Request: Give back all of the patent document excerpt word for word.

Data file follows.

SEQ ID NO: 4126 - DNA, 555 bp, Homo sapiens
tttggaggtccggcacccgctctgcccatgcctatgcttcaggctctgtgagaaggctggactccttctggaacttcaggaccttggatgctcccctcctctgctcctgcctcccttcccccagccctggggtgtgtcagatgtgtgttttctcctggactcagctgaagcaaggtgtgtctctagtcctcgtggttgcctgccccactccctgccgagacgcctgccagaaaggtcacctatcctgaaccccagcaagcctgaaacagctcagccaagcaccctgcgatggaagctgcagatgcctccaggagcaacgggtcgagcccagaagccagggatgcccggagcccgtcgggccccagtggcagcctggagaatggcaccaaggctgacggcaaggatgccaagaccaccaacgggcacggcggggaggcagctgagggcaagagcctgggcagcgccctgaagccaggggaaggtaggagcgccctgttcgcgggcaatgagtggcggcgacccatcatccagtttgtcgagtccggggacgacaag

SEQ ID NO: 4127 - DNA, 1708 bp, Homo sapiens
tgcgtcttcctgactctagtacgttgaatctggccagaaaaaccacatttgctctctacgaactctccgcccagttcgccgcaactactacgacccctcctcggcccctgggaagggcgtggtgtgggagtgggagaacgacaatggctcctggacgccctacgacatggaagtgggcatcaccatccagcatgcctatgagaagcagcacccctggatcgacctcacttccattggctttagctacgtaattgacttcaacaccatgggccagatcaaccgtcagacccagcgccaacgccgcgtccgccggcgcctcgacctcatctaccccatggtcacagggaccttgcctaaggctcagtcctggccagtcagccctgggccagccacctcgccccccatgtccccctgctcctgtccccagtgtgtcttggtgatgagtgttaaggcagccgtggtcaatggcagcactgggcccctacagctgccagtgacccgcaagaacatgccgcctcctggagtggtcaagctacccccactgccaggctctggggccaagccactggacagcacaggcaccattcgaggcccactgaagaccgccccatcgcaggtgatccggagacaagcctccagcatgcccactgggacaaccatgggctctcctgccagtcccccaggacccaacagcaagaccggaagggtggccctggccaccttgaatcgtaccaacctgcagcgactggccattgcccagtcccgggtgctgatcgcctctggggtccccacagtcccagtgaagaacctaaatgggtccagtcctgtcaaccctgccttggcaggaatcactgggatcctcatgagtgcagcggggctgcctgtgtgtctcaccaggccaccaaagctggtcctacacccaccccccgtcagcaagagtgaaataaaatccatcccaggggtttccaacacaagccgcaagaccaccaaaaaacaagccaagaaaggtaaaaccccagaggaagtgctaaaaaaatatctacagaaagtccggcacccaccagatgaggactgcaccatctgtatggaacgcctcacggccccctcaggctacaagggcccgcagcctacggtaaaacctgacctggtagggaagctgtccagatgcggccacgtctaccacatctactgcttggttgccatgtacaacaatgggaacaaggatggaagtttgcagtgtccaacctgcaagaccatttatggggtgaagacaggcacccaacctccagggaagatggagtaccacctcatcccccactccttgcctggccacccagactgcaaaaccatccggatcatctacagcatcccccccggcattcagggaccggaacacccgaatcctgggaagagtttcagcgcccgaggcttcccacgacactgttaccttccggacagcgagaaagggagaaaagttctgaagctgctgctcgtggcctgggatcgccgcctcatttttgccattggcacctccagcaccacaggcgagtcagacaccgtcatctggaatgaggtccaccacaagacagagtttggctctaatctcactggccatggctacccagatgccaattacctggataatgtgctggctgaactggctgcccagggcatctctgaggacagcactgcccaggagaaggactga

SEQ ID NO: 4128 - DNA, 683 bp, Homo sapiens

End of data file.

SEQ ID NO: 4126 - DNA, 555 bp, Homo sapiens
tttggaggtccggcacccgctctgcccatgcctatgcttcaggctctgtgagaaggctggactccttctggaacttcaggaccttggatgctcccctcctctgctcctgcctcccttcccccagccctggggtgtgtcagatgtgtgttttctcctggactcagctgaagcaaggtgtgtctctagtcctcgtggttgcctgccccactccctgccgagacgcctgccagaaaggtcacctatcctgaaccccagcaagcctgaaacagctcagccaagcaccctgcgatggaagctgcagatgcctccaggagcaacgggtcgagcccagaagccagggatgcccggagcccgtcgggccccagtggcagcctggagaatggcaccaaggctgacggcaaggatgccaagaccaccaacgggcacggcggggaggcagctgagggcaagagcctgggcagcgccctgaagccaggggaaggtaggagcgccctgttcgcgggcaatgagtggcggcgacccatcatccagtttgtcgagtccggggacgacaag

SEQ ID NO: 4127 - DNA, 1708 bp, Homo sapiens
tgcgtcttcctgactctagtacgttgaatctggccagaaaaaccacatttgctctctacgaactctccgcccagttcgccgcaactactacgacccctcctcggcccctgggaagggcgtggtgtgggagtgggagaacgacaatggctcctggacgccctacgacatggaagtgggcatcaccatccagcatgcctatgagaagcagcacccctggatcgacctcacttccattggctttagctacgtaattgacttcaacaccatgggccagatcaaccgtcagacccagcgccaacgccgcgtccgccggcgcctcgacctcatctaccccatggtcacagggaccttgcctaaggctcagtcctggccagtcagccctgggccagccacctcgccccccatgtccccctgctcctgtccccagtgtgtcttggtgatgagtgttaaggcagccgtggtcaatggcagcactgggcccctacagctgccagtgacccgcaagaacatgccgcctcctggagtggtcaagctacccccactgccaggctctggggccaagccactggacagcacaggcaccattcgaggcccactgaagaccgccccatcgcaggtgatccggagacaagcctccagcatgcccactgggacaaccatgggctctcctgccagtcccccaggacccaacagcaagaccggaagggtggccctggccaccttgaatcgtaccaacctgcagcgactggccattgcccagtcccgggtgctgatcgcctctggggtccccacagtcccagtgaagaacctaaatgggtccagtcctgtcaaccctgccttggcaggaatcactgggatcctcatgagtgcagcggggctgcctgtgtgtctcaccaggccaccaaagctggtcctacacccaccccccgtcagcaagagtgaaataaaatccatcccaggggtttccaacacaagccgcaagaccaccaaaaaacaagccaagaaaggtaaaaccccagaggaagtgctaaaaaaatatctacagaaagtccggcacccaccagatgaggactgcaccatctgtatggaacgcctcacggccccctcaggctacaagggcccgcagcctacggtaaaacctgacctggtagggaagctgtccagatgcggccacgtctaccacatctactgcttggttgccatgtacaacaatgggaacaaggatggaagtttgcagtgtccaacctgcaagaccatttatggggtgaagacaggcacccaacctccagggaagatggagtaccacctcatcccccactccttgcctggccacccagactgcaaaaccatccggatcatctacagcatcccccccggcattcagggaccggaacacccgaatcctgggaagagtttcagcgcccgaggcttcccacgacactgttaccttccggacagcgagaaagggagaaaagttctgaagctgctgctcgtggcctgggatcgccgcctcatttttgccattggcacctccagcaccacaggcgagtcagacaccgtcatctggaatgaggtccaccacaagacagagtttggctctaatctcactggccatggctacccagatgccaattacctggataatgtgctggctgaactggctgcccagggcatctctgaggacagcactgcccaggagaaggactga

SEQ ID NO: 4128 - DNA, 683 bp, Homo sapiens